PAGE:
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''The biggest challenge that we face is to meet customer expectations, while not suffering on profitability''

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DQC News Bureau
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Rajat Mathur has ensured increased returns on particular IT solution

deployment for Wipro by replicating various components of and re-using it for

other projects. SMB is one segment where he feels the company will be a

preferred solution partner, because of its holistic approach and capabilities to

provide everything from PCs to the entire gamut of IT services.

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As the solutions arm of Wipro Infotech, how successful has your business

in the domestic market been?



Our business on the domestic front has grown in the last couple of years.

Hence, we decided to focus on the enterprise business, especially around

packaged implementation for products from Oracle, SAP, and PeopleSoft.

Rajat Mathur

We also focus on developing competencies on enterprise application

integration (EAI), data warehousing, and application development based on

technologies from WebSphere, BEA among others.

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From a customer's perspective, we have seen a significant change in their

mindset. Today, they are keen on involving us from the stage of

conceptualization of a solution, which also enables us to offer much better

value-adds to them. The domestic business for this division has grown well over

100% in the last fiscal.

Given the fact that solution selling is not as simple and straightforward

as product selling, what are the key challenges you face?



The biggest challenge that we face is to meet the customer's expectations

and at the same time not let our profitability suffer. Most projects we work on

are fixed-price projects. Also, in most of these projects, customers implement a

solution for the first time, and hence their expectations during the due course

of project also escalate. Our task is to keep the customer happy and at the same

time, ensure that our overheads don't shoot up, earnings per project remain

good and productivity is optimum.

So how do you tackle these challenges?



One of the models we have developed involves using replicable components of

our solutions in one project after the other. Essentially, we are collating all

that we have done in the past three years under a single framework to take to

the customer as a ready and modular solution. This helps us generate maximum

returns on the solutions that have been developed once and also takes care of

any escalation that might happen in customer expectations.

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Tell us about some of the major projects and the nature of solution you

deployed in the recent past?



We are doing a very high-end project for the Bombay Stock Exchange (BSE),

which involves setting up a surveillance system for them. We have also been

short-listed by SEBI for a similar implementation. We did a project for the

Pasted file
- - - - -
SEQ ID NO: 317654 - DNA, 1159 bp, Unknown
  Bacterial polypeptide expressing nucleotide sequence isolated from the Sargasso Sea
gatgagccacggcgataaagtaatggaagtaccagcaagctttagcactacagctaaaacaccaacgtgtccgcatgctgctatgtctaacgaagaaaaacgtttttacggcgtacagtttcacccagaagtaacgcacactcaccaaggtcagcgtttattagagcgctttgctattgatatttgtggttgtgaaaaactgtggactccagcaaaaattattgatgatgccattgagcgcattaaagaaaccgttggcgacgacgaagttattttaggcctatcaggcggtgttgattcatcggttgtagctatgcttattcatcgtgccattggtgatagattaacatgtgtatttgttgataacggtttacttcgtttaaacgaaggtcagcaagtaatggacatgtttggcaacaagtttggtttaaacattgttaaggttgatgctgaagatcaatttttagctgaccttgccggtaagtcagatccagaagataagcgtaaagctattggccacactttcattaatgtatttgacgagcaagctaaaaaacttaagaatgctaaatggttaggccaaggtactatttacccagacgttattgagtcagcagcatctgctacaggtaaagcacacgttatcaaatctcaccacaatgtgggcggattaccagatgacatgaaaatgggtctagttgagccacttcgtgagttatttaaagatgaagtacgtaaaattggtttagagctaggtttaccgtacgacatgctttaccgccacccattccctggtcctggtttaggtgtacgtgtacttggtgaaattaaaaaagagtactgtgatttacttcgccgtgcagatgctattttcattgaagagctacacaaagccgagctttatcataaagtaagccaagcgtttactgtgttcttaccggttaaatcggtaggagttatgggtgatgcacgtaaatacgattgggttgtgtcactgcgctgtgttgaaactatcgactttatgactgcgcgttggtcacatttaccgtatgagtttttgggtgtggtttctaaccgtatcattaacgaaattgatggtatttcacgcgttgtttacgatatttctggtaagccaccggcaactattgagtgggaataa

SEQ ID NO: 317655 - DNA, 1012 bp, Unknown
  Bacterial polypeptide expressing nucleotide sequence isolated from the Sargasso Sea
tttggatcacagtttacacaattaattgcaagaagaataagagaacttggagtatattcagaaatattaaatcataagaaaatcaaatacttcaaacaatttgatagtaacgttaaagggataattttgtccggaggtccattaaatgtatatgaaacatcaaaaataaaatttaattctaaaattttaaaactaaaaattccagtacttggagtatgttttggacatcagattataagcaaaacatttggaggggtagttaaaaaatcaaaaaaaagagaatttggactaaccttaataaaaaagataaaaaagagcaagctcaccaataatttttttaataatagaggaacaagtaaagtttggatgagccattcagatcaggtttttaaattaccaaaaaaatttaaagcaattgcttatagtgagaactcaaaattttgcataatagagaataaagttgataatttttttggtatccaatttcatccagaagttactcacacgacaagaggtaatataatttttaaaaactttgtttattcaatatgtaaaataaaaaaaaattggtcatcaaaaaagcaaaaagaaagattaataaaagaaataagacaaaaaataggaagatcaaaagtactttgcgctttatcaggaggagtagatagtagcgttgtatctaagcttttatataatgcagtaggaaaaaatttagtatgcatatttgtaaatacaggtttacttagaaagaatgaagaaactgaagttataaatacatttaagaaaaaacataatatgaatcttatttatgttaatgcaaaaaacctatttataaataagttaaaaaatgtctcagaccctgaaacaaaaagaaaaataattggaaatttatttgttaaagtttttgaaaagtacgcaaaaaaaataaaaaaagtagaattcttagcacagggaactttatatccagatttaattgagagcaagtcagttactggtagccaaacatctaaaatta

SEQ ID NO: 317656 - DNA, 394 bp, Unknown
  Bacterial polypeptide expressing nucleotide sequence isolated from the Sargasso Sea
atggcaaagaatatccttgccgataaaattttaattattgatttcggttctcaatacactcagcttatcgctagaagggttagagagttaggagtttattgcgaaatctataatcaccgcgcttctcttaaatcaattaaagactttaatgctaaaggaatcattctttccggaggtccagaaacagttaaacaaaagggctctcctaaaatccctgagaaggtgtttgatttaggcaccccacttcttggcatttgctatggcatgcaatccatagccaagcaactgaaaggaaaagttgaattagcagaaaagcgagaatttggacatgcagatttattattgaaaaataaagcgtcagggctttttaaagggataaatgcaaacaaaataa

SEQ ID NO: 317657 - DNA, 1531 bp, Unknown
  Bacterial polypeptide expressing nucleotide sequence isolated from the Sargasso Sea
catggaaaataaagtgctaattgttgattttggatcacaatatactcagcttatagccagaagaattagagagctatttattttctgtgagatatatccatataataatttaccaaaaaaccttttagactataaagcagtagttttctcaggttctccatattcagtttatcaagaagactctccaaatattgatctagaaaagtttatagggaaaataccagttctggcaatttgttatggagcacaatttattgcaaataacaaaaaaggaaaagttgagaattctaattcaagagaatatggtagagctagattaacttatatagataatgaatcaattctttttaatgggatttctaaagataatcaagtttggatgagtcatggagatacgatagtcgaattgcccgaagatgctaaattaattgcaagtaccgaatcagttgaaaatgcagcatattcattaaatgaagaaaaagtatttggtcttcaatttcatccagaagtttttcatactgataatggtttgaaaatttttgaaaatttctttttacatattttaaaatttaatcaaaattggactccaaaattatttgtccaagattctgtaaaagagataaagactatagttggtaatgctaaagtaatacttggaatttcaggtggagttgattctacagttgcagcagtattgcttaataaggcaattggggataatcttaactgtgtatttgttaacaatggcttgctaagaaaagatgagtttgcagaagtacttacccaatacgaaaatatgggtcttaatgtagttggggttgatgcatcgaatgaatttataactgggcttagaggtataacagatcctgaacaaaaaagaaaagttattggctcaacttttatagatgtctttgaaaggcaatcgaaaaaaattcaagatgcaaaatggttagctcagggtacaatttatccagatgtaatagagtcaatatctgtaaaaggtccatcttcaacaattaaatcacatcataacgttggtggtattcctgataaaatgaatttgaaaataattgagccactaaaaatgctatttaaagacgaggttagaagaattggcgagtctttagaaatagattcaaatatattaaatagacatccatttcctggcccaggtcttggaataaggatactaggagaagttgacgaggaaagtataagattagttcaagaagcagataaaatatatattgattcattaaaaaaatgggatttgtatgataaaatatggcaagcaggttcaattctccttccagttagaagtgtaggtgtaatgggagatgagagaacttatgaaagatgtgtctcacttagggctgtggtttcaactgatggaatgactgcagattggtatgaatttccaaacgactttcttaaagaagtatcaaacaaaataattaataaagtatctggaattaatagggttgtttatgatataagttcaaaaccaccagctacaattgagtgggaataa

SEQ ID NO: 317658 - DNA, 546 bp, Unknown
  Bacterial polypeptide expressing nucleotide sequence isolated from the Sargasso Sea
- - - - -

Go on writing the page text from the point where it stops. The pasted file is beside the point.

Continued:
customs department, which involved providing a gateway for a large base of

customs agents to be able to effectively interact with the customers. We are

working with Maruti on similar lines, to put a dealer management system in

place, which will enable it to have a complete visibility of the businesses of

its over 600 dealers across the country. 

How much business comes from domestic operations for the solutions

division?



The share of domestic business for this division would be between 25% and

30%. But that in itself is quite a high figure, if you consider the fact that

this business being very service-oriented has a very 'carry-forward' kind of

character. This means that every year there is at least 60-70% revenue coming

from the business of the previous year. Since we had a very thin focus on

domestic opportunities in the past, the carry forward was also low. However,

considering the opportunities in the Indian market, we believe the contribution

from domestic business would be much higher with it growing at well over 100% in

the current fiscal.

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What kind of focus are you putting on tapping opportunities in the SMB

segment?




SMB is showing amazing growth and we have a specific strategy to address that
market, especially from the ERP perspective. This is due to a lot of pressure on

many SMB organizations to meet the standards set in international market.

There are these companies in India today, who are interacting with global

giants like Wal-Mart and have to compulsorily deploy world-class IT solutions.

Textile industry is another such example in SMB space, where a great deal of

consolidation has happened and those ready to compete in a global landscape have

no option but to opt for strong IT solutions.

In view of this, we are closely partnering with companies like SAP to address

the needs of this segment.

GOLDIE in Bangalore

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